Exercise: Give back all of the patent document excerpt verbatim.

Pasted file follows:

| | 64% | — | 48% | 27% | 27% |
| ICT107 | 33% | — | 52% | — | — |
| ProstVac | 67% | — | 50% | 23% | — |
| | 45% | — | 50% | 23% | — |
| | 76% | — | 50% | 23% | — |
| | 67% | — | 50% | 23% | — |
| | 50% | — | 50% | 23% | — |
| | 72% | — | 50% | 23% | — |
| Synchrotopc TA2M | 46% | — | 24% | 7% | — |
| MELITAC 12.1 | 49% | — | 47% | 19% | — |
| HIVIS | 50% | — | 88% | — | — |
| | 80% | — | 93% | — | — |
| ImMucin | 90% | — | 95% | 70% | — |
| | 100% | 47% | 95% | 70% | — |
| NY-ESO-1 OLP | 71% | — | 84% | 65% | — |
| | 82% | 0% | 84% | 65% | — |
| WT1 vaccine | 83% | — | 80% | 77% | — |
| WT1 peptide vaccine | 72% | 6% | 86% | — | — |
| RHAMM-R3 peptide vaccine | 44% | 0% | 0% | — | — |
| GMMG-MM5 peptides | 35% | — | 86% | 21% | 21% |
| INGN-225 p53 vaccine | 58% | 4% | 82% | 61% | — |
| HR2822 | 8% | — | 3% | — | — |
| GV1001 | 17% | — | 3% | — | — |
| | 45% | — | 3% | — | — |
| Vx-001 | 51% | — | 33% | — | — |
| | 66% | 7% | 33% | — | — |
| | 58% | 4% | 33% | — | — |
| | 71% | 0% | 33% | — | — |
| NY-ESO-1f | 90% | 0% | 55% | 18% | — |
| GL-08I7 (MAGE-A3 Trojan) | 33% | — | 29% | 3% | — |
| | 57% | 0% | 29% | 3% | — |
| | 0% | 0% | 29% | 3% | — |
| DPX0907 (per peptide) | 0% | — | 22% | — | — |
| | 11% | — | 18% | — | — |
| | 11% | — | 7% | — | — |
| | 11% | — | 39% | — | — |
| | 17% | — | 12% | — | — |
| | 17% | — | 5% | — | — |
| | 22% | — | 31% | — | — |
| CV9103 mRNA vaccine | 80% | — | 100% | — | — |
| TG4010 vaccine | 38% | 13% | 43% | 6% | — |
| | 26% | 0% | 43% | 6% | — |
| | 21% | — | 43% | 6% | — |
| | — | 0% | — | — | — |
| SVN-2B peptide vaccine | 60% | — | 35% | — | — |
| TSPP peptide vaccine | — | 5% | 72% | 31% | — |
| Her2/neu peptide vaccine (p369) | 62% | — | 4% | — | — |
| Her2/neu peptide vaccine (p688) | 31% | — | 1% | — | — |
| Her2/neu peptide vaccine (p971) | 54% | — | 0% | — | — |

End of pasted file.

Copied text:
| | 64% | — | 48% | 27% | 27% |
| ICT107 | 33% | — | 52% | — | — |
| ProstVac | 67% | — | 50% | 23% | — |
| | 45% | — | 50% | 23% | — |
| | 76% | — | 50% | 23% | — |
| | 67% | — | 50% | 23% | — |
| | 50% | — | 50% | 23% | — |
| | 72% | — | 50% | 23% | — |
| Synchrotopc TA2M | 46% | — | 24% | 7% | — |
| MELITAC 12.1 | 49% | — | 47% | 19% | — |
| HIVIS | 50% | — | 88% | — | — |
| | 80% | — | 93% | — | — |
| ImMucin | 90% | — | 95% | 70% | — |
| | 100% | 47% | 95% | 70% | — |
| NY-ESO-1 OLP | 71% | — | 84% | 65% | — |
| | 82% | 0% | 84% | 65% | — |
| WT1 vaccine | 83% | — | 80% | 77% | — |
| WT1 peptide vaccine | 72% | 6% | 86% | — | — |
| RHAMM-R3 peptide vaccine | 44% | 0% | 0% | — | — |
| GMMG-MM5 peptides | 35% | — | 86% | 21% | 21% |
| INGN-225 p53 vaccine | 58% | 4% | 82% | 61% | — |
| HR2822 | 8% | — | 3% | — | — |
| GV1001 | 17% | — | 3% | — | — |
| | 45% | — | 3% | — | — |
| Vx-001 | 51% | — | 33% | — | — |
| | 66% | 7% | 33% | — | — |
| | 58% | 4% | 33% | — | — |
| | 71% | 0% | 33% | — | — |
| NY-ESO-1f | 90% | 0% | 55% | 18% | — |
| GL-08I7 (MAGE-A3 Trojan) | 33% | — | 29% | 3% | — |
| | 57% | 0% | 29% | 3% | — |
| | 0% | 0% | 29% | 3% | — |
| DPX0907 (per peptide) | 0% | — | 22% | — | — |
| | 11% | — | 18% | — | — |
| | 11% | — | 7% | — | — |
| | 11% | — | 39% | — | — |
| | 17% | — | 12% | — | — |
| | 17% | — | 5% | — | — |
| | 22% | — | 31% | — | — |
| CV9103 mRNA vaccine | 80% | — | 100% | — | — |
| TG4010 vaccine | 38% | 13% | 43% | 6% | — |
| | 26% | 0% | 43% | 6% | — |
| | 21% | — | 43% | 6% | — |
| | — | 0% | — | — | — |
| SVN-2B peptide vaccine | 60% | — | 35% | — | — |
| TSPP peptide vaccine | — | 5% | 72% | 31% | — |
| Her2/neu peptide vaccine (p369) | 62% | — | 4% | — | — |
| Her2/neu peptide vaccine (p688) | 31% | — | 1% | — | — |
| Her2/neu peptide vaccine (p971) | 54% | — | 0% | — | — |